Page last updated at 15:32 GMT, Tuesday, 16 June 2009 16:32 UK

BNP could be 'very serious force'

Eric Pickles
Mr Pickles urged politicians to stop 'looking down their noses' at voters

Tory Party chairman Eric Pickles has said the BNP is set to become a "very serious force in British politics".

He told a Westminster lunch he did not expect the party to gain MPs but the mainstream parties still had to "get their act together" to take them on.

He also said he believed there could be an October general election.

He still thought the most likely date was May next year but he said Labour could force Mr Brown out before then and go to the country early.

Either that, he argued, or Mr Brown could use Labour's autumn conference to announce a poll.

Under normal circumstances, the prime minister would have been forced to step down after disastrous European and local election results, he told the journalists' lunch.

But the results had been "a lot worse than Labour had predicted so he was able to stay on".

'Dog whistle'

Mr Pickles predicted the "numbing effect" of the elections on Labour would wear off and there were still "various circumstances" in which Labour could elect a new leader and be forced to go to the country early.

He also called on politicians of all parties to stop "looking down their noses" at voters and claimed some Labour MPs were ashamed of the places they represented and had an idea of the working classes culled from the pages of George Orwell.

BNP poster
The BNP should be defeated on the doorstep, Mr Pickles said

He also accused Labour of using "dog whistle" tactics against the BNP - giving their activists one message about the importance of defeating the "fascist" party and giving voters another - that Labour was the party to be tough on immigration.

He said Labour should stop its "student politics" approach to fighting the BNP and accept that they had been elected.

Seeing BNP leader Nick Griffin walking the corridors of the Houses of Parliament - as he is entitled to do as an MEP - would not be a "comfortable" sight but it might make MPs on all sides wake up to the fact that "we have created the conditions for him to be here".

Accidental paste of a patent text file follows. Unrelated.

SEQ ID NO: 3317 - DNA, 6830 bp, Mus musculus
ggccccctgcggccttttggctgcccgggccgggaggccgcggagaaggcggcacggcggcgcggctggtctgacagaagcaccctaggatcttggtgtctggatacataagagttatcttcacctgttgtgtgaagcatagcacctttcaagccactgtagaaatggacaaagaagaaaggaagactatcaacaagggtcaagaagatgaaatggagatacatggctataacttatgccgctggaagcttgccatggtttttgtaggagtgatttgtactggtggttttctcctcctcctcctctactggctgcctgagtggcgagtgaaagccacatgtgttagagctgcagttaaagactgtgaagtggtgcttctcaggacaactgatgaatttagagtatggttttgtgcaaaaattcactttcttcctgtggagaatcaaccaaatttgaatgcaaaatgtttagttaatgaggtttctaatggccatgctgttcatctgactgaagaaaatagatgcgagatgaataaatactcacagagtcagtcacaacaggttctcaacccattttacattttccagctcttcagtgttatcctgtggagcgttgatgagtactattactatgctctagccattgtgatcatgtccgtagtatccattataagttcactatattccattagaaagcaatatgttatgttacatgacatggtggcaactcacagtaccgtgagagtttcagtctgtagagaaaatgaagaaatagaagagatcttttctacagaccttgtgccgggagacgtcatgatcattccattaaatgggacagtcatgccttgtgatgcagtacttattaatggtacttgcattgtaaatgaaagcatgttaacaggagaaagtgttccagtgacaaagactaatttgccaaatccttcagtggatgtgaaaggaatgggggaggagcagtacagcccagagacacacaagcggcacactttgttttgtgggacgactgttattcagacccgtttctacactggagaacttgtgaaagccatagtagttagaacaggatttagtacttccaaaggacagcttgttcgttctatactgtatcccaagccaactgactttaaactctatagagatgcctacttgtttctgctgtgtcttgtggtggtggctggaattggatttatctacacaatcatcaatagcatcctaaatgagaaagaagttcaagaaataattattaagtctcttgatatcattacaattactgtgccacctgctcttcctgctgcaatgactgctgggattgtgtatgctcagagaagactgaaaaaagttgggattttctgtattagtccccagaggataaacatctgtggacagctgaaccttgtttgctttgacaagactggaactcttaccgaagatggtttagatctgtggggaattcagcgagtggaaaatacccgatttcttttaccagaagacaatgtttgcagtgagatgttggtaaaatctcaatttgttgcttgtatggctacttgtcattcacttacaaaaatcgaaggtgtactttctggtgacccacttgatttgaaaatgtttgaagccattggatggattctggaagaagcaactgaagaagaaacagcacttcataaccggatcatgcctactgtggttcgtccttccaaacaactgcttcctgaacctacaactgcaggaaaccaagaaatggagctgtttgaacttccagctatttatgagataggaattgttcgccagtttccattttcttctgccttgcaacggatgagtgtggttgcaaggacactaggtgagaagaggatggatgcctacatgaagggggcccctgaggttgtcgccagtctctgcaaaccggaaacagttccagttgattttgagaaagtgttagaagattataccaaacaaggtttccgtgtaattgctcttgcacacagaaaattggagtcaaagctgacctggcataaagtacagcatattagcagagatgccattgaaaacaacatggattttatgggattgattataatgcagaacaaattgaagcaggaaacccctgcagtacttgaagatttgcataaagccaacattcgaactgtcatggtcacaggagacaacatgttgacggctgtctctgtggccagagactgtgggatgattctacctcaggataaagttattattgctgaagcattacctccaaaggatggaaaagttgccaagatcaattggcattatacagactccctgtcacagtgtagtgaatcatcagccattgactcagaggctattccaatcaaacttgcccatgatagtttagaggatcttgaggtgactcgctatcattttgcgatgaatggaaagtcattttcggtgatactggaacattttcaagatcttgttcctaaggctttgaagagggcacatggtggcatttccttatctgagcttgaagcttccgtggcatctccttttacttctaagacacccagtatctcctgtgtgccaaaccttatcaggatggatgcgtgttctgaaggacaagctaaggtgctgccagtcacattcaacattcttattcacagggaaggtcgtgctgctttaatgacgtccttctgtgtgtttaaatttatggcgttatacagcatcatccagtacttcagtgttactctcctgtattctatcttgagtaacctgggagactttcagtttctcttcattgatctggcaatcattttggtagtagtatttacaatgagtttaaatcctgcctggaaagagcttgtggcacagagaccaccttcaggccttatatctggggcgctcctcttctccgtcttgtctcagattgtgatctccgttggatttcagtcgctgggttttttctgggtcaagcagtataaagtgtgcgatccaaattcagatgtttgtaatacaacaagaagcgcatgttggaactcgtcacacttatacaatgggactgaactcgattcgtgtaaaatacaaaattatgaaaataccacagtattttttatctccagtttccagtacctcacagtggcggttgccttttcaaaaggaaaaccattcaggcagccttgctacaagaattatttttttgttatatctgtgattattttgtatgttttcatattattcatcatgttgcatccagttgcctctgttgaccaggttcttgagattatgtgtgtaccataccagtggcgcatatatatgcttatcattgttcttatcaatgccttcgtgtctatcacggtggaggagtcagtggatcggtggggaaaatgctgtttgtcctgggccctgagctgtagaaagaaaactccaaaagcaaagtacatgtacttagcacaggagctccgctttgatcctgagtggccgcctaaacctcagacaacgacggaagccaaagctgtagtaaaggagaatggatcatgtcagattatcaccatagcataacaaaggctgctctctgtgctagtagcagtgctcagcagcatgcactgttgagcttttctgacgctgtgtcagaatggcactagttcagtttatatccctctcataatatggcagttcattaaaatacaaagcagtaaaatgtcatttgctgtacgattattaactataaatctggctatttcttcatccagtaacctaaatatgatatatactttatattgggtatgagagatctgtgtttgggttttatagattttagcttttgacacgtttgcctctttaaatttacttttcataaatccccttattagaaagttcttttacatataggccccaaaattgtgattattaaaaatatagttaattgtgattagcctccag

'Posh houses'

The Conservatives had collaborated with Labour to take on the BNP at the recent elections - by making sure they stood candidates in areas where they were expected to do well and tipping Labour off when it was felt they were gaining support.

But he said he was "not terrifically in favour of all joining hands and marching together against the BNP".

Instead he said he would like to see the BNP defeated on the doorstep and by exposing them as "lousy councillors and lousy attenders" which he said is what they are.

Mr Pickles, speaking at a Westminster Press Gallery lunch, said of the BNP: "They are going to be a very serious force in British politics and the mainstream political parties have got to get their act together and start confronting them.

"We have got to start working in those areas where they have got contact, harder than we have ever worked before.

"That's the way you are going to defeat the BNP - you have got to take the BNP on.

"They have filled that vacuum which Labour retreated from so long ago."

The Tory chairman, who is a former Bradford council leader, said there was "an enormous disconnect between politicians and the electorate" and he had grown up on estates where that disconnect typically occurred.

"It is on those Labour estates where this kind of disconnect occurs," he said, adding that Labour MPs sometimes "didn't feel part of it" but lived instead in a "posh house" on the other side of town.

"If you feel ashamed of these communities, you shouldn't represent them," he said.



Print Sponsor


SEE ALSO
Egg attack on BNP leader Griffin
09 Jun 09 |  UK Politics
BNP secures two European seats
08 Jun 09 |  UK Politics
Walkout after BNP election win
08 Jun 09 |  England


FEATURES, VIEWS, ANALYSIS
Has China's housing bubble burst?
How the world's oldest clove tree defied an empire
Why Royal Ballet principal Sergei Polunin quit

BBC navigation

BBC © 2014 The BBC is not responsible for the content of external sites. Read more.

This page is best viewed in an up-to-date web browser with style sheets (CSS) enabled. While you will be able to view the content of this page in your current browser, you will not be able to get the full visual experience. Please consider upgrading your browser software or enabling style sheets (CSS) if you are able to do so.

Americas Africa Europe Middle East South Asia Asia Pacific